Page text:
Tax and the side hustle

2 minutes to read

Do you sell unwanted items online? Is your creative interest bringing in a top-up income?

The ease of online trading has been with us for several years now, and with apps like eBay, Vinted and Etsy, it has never been easier to turn unwanted items into cash.

Add to the above Airbnb letting, renting out your driveway for parking, or food delivery, and you can see why from 1 January 2024 the reporting of online transactions by digital platforms to HMRC has been extended.

This move is due to the UK signing up to the international body, the Organisation for Economic Cooperation and Development (OECD), as part of a global effort to clamp down on tax dodgers. It means that information will be shared between countries that have signed up to the OECD tax rules, and HMRC’s reach will now be beyond the existing reporting from UK-based online operators.

Many traders understand the need to declare this extra income through a tax return, but HMRC will now be able to clamp down on those who are not. In effect, sellers on digital platforms will now be treated more like traditional businesses.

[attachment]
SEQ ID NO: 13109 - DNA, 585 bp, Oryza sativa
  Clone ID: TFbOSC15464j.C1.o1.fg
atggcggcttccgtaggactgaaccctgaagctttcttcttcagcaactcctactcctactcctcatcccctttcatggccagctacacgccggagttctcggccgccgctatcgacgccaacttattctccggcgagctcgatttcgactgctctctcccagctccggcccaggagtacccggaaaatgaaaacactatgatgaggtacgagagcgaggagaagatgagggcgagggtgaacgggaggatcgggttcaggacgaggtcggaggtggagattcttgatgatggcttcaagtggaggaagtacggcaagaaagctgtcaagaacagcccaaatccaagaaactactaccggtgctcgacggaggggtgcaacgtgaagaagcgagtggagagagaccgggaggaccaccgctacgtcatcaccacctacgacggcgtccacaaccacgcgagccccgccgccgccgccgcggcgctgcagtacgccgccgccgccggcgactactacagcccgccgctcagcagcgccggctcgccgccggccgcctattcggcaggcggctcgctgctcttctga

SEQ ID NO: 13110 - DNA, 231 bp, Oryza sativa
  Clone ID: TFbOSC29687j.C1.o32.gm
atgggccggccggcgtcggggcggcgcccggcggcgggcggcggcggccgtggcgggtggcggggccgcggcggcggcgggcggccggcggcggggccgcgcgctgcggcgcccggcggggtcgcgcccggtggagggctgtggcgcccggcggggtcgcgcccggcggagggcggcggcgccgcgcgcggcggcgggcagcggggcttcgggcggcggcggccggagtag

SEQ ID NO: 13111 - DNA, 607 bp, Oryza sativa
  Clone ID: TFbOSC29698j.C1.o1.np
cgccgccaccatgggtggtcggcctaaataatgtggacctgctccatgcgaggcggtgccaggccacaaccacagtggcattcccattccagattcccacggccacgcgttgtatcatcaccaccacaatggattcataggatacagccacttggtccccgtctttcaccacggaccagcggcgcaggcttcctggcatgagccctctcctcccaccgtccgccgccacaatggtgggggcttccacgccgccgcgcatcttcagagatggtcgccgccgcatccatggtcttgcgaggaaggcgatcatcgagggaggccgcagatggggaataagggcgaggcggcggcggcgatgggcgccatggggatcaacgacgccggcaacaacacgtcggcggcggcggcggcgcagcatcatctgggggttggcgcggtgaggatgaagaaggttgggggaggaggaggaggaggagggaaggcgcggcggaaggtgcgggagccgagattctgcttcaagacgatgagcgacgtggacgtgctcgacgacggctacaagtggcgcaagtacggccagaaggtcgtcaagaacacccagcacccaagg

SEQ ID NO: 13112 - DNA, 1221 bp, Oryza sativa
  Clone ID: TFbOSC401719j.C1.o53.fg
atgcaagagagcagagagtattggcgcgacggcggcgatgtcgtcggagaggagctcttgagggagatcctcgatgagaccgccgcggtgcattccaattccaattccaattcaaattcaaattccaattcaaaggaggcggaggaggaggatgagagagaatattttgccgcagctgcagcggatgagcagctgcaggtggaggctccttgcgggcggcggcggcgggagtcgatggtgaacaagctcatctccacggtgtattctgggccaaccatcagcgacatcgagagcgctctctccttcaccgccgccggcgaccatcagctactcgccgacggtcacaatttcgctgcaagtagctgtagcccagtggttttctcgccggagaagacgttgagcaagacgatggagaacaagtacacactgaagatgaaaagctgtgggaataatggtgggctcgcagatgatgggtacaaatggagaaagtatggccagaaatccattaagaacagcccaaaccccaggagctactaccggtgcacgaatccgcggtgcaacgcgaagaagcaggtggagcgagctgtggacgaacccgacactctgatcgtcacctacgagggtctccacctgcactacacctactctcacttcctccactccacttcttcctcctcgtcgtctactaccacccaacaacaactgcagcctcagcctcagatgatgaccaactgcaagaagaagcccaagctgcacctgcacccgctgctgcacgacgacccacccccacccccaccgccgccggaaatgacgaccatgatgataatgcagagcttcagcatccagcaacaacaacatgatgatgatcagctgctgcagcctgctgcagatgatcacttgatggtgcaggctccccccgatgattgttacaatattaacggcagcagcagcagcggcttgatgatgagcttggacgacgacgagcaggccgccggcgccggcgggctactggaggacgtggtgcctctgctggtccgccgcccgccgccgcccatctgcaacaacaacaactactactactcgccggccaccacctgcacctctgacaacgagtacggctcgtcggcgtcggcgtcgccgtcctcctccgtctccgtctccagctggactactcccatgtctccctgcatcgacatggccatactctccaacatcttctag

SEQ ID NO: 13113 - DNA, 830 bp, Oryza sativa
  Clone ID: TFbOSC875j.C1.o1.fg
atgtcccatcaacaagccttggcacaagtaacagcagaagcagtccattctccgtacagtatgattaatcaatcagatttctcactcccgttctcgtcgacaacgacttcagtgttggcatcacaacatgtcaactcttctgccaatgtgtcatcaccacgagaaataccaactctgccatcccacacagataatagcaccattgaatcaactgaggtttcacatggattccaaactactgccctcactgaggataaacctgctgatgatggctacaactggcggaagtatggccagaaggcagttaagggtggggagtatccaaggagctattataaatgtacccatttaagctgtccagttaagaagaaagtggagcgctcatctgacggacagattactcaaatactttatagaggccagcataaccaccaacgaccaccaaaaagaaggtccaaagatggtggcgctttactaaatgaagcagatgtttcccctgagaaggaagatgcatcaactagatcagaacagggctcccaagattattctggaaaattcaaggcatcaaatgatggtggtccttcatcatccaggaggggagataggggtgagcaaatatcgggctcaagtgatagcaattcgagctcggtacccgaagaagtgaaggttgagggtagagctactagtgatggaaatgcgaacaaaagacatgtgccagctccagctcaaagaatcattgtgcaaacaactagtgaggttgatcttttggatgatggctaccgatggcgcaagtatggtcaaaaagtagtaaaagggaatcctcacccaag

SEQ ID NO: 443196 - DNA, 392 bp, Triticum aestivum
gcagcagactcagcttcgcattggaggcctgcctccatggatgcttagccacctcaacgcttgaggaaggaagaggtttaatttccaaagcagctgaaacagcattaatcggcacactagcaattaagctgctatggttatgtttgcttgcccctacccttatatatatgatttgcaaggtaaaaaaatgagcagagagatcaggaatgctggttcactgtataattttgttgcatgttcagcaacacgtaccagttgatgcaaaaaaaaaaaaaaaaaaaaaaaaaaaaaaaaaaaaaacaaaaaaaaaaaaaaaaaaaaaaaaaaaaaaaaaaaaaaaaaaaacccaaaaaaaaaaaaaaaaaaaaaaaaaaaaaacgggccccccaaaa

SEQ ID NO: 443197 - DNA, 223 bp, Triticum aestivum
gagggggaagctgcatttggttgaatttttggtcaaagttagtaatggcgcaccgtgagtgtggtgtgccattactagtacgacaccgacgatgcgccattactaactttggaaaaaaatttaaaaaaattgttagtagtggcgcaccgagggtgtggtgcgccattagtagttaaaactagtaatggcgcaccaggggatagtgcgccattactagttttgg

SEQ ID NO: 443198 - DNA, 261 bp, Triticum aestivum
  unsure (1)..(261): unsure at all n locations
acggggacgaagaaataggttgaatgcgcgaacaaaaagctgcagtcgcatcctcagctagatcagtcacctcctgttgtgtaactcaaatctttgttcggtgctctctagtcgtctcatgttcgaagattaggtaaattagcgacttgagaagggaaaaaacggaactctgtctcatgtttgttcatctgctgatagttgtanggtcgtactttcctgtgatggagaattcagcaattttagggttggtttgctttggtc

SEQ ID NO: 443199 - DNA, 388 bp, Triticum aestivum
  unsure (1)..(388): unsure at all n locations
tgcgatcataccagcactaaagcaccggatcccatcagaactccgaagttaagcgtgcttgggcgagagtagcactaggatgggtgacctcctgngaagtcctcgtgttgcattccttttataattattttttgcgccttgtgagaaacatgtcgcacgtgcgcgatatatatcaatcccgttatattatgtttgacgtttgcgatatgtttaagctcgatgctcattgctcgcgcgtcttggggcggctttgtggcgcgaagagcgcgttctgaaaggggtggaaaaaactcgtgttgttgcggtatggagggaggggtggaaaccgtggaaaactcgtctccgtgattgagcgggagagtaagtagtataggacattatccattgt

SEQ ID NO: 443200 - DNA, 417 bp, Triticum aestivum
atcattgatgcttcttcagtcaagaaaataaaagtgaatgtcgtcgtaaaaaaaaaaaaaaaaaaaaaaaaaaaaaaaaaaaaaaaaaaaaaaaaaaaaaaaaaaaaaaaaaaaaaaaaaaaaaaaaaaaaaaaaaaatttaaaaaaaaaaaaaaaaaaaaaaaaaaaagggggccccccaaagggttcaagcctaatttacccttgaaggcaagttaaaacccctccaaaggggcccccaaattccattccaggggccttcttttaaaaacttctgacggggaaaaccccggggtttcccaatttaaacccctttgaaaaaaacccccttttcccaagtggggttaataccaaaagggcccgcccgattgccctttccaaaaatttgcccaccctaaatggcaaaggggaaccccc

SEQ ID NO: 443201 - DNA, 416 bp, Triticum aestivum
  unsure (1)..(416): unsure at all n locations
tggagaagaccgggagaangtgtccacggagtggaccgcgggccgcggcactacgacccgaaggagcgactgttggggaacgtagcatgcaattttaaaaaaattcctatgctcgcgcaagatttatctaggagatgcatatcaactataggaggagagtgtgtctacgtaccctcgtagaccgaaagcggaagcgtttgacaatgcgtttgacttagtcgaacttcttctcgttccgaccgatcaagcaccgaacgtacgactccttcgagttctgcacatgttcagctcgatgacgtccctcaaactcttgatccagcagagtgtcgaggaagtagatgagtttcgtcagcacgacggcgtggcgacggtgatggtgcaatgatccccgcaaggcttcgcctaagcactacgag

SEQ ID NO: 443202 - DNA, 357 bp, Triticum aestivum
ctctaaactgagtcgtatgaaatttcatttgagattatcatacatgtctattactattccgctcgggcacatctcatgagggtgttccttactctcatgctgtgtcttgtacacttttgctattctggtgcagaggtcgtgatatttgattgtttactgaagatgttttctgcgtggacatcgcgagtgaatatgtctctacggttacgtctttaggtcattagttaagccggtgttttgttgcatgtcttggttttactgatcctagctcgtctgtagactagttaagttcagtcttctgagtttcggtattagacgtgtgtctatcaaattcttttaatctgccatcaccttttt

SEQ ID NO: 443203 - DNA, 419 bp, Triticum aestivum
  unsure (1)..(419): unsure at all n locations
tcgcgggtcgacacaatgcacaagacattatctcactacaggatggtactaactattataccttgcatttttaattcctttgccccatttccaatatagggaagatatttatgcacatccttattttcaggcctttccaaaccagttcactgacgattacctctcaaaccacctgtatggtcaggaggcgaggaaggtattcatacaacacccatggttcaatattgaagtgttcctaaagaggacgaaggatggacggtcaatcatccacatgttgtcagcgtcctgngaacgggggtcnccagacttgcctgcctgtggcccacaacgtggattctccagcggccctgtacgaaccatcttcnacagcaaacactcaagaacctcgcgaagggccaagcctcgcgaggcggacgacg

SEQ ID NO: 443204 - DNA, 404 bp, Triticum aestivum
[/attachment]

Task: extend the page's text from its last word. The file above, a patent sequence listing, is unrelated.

What do I need to do?

– Online sellers already paying tax should continue with their present approach

– There is a £1,000 tax-free allowance for individuals for money made through property

– There is also a £1,000 allowance for ‘trading’ income for minimal extra income from selling second-hand items, gardening or tutoring

– People earning below those thresholds should keep records in case they are asked for them.

If you think you are now falling into the bracket of having an extra taxable income please contact our tax team for advice.